The Reserve Bank, in cutting cut interest rates by 0.25% to 1.5% is the first move in 3 years by a bank that could not provide answers to the following 2 questions.
With unemployment at 20-year lows why is there no wages growth?
With interest rates at 50-year lows why is there no inflation?
To answer the 2 questions (and help the RBA with their dilemma) we go back 90 years to 1929, the year of the ‘Once in a Century’ Depression. Following on from that the world had to endure WW2 from 1939 – 1945. Over that 15-year period the world economies ground to a halt and pride and prosperity were non-existent. Normal consumption habits and family creation were significantly retarded until 1946 when another ‘Once in a Century’ event occurred in the form of the Baby Boom. Officially the Baby Boom extended for 18 years from 1946 – 1964. Cautiously, and over time, the world started to return to normality and by the end of the Baby Boom in 1964, the world was ready to inflate. For the next 40 odd years all sectors of the free world economies boomed and inflation in the 1970’s reached 12%. This inflation effect was not the fault of poor Government but more a symptom of an over demanding Baby Boom bubble. The first real estate boom occurred during 1972 – 1975 when house prices rose by 30%.
Prices rise when there are more buyers than sellers. The RBA used interest rates as a tool to curb over-consumption and out of control inflation. For a short time, interest rates rose to a high of 19% but that didn’t worry the property investors of the time because they were enjoying compound growth rates on their real estate investments of 10 – 12% per annum. But like all bubbles they eventually burst.
That’s the historical bit – now let’s look at some facts.
Demographics is the study of human behaviour and it is demographics as much as anything that can explain why interest rates are now down to 50-year lows. It goes like this.
On average, Baby Boomers (BB) retire at age 66 but become risk adverse 5 years prior to that at age 61. This means that first born BB (in 1946) started to withdraw from the investment markets in 2007 (1946 + 61). Just as the baby boom started slowly so too did the withdrawal of BB investors from risky investments such as real estate and share markets. Add 18 years to 2007 and we can say that by 2025 most Baby Boomers will have withdrawn from making risky investments. So, we are beyond half-way through the 18-year BB cycle and the RBA is wondering why interest rates are at 50-year lows. In a large part interest rates are at 50-year lows because there is no inflation because the era of over-consuming BB, which began in the early 60’s, is now over.
To answer the second question, it is simply a matter of fact that even though the unemployment rate of 5% is at 20-year lows, the under-employment rate is at 8.5%. This means that 13.5% of our population is now under worked and therefore underpaid. With the introduction of Robotics, Digitisation and AI, the contribution of the human input into the production cycle is now being substituted by programs that work 24/7 and don’t take sickies, holidays or maternity leave. The single focus of the Techno Revolution is to eliminate labour costs and in turn lower the cost of goods sold. We are in the midst of the biggest deflationary event in history which adds to the reason why interest rates will go lower as inflation tends to zero.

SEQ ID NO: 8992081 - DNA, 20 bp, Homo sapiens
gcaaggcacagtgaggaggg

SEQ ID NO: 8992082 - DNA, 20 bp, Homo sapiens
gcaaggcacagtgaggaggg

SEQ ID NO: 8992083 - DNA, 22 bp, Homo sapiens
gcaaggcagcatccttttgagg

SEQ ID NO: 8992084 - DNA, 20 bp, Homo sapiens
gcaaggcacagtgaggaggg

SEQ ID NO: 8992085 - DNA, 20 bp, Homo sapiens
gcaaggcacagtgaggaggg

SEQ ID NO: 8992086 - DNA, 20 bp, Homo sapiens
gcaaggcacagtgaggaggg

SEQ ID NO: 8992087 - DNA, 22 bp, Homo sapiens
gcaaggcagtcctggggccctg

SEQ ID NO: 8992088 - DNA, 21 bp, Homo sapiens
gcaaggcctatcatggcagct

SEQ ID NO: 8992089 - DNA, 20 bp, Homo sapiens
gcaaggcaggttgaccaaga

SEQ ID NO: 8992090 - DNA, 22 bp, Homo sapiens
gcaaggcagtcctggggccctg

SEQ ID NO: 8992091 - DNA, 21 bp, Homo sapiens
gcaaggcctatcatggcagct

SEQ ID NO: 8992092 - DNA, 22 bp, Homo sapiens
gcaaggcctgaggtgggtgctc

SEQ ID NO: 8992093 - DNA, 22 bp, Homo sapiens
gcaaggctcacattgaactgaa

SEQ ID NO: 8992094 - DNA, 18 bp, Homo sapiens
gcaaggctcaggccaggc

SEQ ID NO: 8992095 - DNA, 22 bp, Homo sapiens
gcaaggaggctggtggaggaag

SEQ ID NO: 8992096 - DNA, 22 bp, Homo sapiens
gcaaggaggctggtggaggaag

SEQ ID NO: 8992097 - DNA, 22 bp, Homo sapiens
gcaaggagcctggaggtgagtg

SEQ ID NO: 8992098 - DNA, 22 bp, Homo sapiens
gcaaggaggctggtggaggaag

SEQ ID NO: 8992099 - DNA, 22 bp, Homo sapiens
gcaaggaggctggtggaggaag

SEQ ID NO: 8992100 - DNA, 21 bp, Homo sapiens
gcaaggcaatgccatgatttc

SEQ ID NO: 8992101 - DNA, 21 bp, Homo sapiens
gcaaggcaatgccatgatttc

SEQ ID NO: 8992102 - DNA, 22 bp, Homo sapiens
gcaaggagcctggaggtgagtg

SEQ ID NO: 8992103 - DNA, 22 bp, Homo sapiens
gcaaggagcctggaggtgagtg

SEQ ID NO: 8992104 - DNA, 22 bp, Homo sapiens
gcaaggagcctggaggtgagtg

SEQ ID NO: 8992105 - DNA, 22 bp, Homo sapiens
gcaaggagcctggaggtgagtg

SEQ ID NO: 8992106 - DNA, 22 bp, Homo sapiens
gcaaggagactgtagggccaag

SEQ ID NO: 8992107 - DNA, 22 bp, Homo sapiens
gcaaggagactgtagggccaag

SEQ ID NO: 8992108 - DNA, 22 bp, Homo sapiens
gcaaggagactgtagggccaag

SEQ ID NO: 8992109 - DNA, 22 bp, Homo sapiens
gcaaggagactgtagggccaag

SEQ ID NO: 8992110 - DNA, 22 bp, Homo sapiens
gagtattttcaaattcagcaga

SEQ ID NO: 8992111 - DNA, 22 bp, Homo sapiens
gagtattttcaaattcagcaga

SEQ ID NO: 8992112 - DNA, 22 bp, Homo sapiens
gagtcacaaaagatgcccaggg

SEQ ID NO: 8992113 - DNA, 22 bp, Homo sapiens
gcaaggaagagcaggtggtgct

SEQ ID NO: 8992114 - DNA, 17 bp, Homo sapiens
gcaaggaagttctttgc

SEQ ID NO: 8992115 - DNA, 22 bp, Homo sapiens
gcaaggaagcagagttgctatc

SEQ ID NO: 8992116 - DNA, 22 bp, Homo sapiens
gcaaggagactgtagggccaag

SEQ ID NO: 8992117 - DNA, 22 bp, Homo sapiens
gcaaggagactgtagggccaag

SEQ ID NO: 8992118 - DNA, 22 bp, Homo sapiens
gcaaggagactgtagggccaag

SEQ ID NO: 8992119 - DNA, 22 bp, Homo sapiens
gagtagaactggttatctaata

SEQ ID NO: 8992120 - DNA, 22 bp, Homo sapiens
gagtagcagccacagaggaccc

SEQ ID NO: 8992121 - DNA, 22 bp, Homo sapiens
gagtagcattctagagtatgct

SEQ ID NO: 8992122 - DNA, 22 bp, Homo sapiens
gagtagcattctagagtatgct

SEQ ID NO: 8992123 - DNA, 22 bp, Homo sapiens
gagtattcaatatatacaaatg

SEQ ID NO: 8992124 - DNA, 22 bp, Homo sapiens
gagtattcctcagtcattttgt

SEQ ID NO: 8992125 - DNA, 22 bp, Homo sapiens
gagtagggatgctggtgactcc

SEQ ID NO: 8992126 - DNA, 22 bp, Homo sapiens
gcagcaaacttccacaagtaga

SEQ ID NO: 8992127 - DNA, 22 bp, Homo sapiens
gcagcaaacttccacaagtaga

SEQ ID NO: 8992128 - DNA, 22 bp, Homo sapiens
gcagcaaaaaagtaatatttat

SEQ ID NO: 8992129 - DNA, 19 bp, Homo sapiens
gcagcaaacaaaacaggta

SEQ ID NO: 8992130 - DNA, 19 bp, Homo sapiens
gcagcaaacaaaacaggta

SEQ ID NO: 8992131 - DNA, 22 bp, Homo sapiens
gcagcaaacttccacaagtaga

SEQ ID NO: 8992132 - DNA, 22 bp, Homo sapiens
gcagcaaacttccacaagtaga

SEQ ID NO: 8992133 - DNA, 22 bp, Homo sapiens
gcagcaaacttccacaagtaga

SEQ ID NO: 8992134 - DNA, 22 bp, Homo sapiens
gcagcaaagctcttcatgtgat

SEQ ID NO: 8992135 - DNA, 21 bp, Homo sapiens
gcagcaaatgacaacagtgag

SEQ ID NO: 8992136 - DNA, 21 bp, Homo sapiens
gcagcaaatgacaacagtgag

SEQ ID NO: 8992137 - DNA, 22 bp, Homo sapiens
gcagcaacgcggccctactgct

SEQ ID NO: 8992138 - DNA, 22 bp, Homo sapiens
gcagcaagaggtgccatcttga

In explaining the absence of wages growth, contemplate this for a moment. A boss says to his staff that he is prepared to sustain their 5 day salaries and if they can do the 5-day work load in 4 days then they can have a long weekend every week. What employee would say no to that – all they have to do is increase their productivity by 20%. A 4-day week across the work force by 2025 is under way and in fact Richard Branson is predicting a 3-day week by 2030. Even though new jobs will be created with the Techno Revolution, there is no doubt that jobs in certain industries will/are being substituted. Examples – Mining, Banks, Insurance, Retail.
A drop in interest rates benefits borrowers over savers by a ratio of 2 to 1. As wages continue to stagnate, lower interest rates will provide relief at least to marginal borrowers. The losers in this scenario are retirees who are risk adverse and rely more on the interest on no risk fixed income investments. It is noted however that, perhaps due to the scare of the GFC, retired BB are holding onto their oversized, high maintenance family homes. Perhaps lower interest rates will motivate them to sell up and out of the proceeds move into a lower cost, minimal maintenance retirement dwelling and put any overage into their superannuation accounts. In a low interest rate environment that is bound to persist for at least the next 20 years, there is no place for inactive investments.
And, a message to the Banks who persist with applying affordability tests based on 7% interest rates. This is the stuff of Troglodytes and is limiting a lot of marginal borrowers from participating in the property market. The sooner they give up this behaviour the sooner the banking system will be part of assisting Australia’s economy to get up and growing once again.
If by raising interest rates was the tool used to bring high inflation rates down, then to lift inflation back up to the archaic 2-3% range will require interest rates to go to zero. Who is going to be so bold!
The paradigm shift that is occurring with this 4th Revolution will present a new set of economic parameters that will revert the focus of wealth generation to be based on yield, not capital gain.
Low interest rates will mean net returns on property of 3.5 – 4.5% will become more competitive, even without capital gains. When borrowing rates go under 3%, negative gearing will be no longer.